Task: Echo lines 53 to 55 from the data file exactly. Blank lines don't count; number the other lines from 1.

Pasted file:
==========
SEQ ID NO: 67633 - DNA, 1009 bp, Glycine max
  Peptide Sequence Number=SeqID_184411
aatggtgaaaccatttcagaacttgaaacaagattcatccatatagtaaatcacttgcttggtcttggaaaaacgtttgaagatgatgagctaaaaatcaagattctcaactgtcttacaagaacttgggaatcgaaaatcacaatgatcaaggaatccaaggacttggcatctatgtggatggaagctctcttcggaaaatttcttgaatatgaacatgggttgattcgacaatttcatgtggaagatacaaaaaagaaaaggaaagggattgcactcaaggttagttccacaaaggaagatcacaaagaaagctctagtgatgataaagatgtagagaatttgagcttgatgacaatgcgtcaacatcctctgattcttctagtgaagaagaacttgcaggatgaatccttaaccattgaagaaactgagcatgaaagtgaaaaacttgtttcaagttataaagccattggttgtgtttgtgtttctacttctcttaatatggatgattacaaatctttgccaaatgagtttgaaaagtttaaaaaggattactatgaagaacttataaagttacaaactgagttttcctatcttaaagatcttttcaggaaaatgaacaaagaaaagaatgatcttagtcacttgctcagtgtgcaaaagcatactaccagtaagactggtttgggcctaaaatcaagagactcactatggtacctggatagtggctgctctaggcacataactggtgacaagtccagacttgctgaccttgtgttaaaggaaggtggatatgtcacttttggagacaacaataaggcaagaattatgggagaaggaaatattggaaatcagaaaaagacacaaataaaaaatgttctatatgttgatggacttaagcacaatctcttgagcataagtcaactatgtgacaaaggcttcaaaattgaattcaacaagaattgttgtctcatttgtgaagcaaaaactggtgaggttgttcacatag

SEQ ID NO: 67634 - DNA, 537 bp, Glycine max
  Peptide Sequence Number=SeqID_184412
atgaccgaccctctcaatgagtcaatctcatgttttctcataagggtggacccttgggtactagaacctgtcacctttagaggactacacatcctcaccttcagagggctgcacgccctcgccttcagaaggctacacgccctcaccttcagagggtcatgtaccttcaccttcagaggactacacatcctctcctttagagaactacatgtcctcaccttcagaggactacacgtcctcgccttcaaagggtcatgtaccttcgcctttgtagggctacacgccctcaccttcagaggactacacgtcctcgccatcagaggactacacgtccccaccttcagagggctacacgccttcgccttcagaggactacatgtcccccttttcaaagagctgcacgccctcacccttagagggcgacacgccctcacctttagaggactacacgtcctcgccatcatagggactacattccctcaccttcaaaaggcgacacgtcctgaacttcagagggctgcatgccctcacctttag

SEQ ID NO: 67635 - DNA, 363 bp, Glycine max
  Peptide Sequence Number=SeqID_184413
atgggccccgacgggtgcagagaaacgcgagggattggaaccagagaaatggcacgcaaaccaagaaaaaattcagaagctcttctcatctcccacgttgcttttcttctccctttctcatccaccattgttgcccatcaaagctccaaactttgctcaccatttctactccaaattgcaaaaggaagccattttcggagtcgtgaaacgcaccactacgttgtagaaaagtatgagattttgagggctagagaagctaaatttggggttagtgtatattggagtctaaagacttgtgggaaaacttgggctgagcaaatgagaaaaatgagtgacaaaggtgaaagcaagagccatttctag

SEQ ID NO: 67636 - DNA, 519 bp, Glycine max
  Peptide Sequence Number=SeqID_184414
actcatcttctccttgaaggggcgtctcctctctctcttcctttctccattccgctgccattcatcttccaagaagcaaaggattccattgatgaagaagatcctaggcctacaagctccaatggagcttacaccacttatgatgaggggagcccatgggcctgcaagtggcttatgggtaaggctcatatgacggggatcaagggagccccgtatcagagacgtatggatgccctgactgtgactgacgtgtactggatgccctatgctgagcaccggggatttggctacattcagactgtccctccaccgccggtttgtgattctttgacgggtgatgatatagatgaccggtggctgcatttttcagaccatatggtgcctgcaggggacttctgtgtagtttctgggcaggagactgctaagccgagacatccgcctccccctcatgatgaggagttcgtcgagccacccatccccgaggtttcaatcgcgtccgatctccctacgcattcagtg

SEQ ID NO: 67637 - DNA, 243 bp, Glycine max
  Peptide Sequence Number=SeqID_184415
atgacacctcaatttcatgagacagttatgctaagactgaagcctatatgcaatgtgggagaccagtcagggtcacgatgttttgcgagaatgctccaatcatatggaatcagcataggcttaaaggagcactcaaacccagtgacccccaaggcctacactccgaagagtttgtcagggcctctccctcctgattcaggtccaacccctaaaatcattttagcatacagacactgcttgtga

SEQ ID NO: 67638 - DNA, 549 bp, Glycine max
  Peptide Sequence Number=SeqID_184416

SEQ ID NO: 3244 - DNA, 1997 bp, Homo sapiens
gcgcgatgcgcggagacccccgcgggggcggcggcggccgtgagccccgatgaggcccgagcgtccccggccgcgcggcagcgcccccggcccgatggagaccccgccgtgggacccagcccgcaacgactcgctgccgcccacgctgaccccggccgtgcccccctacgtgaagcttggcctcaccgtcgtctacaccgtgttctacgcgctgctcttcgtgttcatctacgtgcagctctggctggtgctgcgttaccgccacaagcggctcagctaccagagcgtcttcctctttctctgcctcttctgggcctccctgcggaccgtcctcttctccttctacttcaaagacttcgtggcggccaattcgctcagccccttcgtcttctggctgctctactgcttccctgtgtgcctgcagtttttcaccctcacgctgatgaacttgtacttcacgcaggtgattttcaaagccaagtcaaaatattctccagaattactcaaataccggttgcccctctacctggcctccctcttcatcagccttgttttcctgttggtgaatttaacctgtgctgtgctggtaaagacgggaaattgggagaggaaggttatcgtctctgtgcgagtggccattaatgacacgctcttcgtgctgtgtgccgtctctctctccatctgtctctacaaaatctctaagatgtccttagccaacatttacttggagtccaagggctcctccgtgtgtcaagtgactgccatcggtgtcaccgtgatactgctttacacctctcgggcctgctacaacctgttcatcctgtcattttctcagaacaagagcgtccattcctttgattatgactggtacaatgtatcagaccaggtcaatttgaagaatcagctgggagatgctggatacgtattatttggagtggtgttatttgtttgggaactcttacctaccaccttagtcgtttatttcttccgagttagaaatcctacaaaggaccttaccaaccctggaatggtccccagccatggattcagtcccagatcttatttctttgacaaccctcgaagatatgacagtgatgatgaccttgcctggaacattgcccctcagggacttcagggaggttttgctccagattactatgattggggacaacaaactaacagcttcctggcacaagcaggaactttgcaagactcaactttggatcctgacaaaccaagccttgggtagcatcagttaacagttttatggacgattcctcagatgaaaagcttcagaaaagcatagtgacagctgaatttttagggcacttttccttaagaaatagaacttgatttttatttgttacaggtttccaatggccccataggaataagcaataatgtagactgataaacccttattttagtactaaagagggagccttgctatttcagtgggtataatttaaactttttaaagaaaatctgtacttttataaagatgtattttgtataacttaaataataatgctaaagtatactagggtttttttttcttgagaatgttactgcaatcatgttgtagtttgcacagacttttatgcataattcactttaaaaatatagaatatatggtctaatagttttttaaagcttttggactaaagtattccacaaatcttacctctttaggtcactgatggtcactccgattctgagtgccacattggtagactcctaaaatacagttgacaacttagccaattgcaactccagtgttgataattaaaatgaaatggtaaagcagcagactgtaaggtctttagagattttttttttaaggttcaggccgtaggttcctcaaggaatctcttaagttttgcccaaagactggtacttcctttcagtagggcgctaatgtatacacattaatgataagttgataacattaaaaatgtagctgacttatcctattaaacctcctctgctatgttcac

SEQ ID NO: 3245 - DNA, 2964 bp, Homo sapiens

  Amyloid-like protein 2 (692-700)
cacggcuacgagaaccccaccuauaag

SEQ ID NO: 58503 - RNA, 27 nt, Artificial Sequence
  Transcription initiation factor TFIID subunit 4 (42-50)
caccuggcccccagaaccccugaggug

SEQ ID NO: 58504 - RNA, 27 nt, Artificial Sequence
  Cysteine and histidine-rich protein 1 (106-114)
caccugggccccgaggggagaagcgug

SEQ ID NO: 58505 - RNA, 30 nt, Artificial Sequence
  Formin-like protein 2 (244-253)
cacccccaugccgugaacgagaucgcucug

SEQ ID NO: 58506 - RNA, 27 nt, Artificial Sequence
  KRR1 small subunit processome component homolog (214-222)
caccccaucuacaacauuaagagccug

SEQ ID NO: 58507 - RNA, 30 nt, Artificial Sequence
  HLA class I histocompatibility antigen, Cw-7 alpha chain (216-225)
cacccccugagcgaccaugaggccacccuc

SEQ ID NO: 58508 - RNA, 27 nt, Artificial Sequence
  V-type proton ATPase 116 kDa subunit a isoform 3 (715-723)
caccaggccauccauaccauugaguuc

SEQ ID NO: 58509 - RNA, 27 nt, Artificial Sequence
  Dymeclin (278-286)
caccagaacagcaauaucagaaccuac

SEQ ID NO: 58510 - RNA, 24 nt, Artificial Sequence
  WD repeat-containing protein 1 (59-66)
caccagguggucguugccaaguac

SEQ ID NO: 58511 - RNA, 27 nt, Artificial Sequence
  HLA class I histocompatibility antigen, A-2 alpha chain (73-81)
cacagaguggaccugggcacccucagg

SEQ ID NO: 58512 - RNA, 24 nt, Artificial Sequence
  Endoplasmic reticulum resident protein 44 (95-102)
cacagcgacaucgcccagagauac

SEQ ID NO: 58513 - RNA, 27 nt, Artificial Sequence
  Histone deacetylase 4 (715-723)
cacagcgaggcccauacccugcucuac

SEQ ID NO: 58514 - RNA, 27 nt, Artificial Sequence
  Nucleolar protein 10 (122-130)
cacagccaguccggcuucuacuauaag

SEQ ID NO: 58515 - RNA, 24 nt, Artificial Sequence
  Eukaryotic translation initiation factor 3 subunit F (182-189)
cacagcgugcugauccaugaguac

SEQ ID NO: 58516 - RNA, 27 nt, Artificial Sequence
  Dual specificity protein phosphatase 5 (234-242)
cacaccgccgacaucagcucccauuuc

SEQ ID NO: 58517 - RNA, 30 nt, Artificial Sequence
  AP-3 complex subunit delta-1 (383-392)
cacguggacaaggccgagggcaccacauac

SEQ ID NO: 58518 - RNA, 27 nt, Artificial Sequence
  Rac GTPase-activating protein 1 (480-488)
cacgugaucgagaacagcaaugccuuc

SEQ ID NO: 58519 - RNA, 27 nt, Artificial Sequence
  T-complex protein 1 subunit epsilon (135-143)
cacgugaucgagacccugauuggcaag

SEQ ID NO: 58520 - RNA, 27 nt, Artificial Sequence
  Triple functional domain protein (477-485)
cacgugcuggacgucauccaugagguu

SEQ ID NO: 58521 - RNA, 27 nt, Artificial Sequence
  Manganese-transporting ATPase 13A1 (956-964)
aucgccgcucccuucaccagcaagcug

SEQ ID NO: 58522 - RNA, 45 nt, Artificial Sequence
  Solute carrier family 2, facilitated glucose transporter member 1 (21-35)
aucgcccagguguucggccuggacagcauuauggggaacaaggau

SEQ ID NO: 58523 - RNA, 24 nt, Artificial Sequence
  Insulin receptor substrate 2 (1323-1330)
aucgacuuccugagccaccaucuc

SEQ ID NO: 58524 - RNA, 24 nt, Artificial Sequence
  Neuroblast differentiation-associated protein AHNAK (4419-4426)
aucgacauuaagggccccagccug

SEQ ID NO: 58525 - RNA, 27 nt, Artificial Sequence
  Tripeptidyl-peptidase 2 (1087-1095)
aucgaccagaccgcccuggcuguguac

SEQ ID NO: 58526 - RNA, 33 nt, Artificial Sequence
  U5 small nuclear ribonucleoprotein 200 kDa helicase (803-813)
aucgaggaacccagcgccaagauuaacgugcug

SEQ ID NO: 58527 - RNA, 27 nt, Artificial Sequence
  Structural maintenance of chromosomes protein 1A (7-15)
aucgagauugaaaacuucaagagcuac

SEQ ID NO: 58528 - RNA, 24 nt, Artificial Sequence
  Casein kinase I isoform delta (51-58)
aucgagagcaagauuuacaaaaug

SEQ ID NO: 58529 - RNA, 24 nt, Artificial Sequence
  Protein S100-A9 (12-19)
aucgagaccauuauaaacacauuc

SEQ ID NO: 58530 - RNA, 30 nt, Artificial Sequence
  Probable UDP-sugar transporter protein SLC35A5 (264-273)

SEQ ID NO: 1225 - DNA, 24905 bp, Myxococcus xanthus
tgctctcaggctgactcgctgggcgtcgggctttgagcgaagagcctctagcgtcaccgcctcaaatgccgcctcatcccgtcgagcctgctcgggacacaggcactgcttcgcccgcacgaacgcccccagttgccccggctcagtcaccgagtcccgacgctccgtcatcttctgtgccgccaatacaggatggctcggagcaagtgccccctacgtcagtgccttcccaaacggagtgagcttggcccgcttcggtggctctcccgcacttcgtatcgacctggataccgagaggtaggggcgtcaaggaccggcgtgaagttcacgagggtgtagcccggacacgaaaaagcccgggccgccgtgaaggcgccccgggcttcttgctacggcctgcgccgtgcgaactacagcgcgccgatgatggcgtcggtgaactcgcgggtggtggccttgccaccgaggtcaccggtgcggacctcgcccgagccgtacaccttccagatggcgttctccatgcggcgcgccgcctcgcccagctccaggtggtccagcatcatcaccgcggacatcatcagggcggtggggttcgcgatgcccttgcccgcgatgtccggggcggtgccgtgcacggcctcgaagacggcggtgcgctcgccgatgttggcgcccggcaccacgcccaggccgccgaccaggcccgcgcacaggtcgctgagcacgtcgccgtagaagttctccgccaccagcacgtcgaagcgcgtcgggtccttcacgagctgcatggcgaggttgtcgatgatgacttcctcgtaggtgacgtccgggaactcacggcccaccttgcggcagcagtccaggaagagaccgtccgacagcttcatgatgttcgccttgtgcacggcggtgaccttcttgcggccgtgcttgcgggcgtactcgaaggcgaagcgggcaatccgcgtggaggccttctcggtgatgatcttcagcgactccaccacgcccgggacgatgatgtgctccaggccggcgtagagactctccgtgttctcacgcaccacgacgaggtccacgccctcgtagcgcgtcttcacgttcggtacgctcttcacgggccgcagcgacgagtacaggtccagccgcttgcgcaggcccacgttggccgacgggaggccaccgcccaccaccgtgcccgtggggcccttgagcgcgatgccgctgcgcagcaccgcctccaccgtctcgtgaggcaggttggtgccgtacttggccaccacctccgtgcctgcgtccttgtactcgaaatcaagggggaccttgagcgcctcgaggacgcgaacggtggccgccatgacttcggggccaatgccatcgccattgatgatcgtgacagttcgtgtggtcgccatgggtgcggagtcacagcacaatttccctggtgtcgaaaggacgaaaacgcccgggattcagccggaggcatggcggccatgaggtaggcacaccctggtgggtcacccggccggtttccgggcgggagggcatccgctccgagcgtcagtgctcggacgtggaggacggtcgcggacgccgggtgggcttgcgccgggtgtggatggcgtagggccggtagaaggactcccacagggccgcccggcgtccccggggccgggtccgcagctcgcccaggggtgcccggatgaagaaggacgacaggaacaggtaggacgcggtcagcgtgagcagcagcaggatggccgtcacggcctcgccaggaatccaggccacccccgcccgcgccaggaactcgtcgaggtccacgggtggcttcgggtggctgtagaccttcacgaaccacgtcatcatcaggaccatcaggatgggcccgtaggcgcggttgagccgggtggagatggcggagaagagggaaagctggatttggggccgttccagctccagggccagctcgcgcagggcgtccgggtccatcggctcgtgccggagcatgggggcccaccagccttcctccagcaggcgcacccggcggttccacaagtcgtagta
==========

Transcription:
SEQ ID NO: 58513 - RNA, 27 nt, Artificial Sequence
  Histone deacetylase 4 (715-723)
cacagcgaggcccauacccugcucuac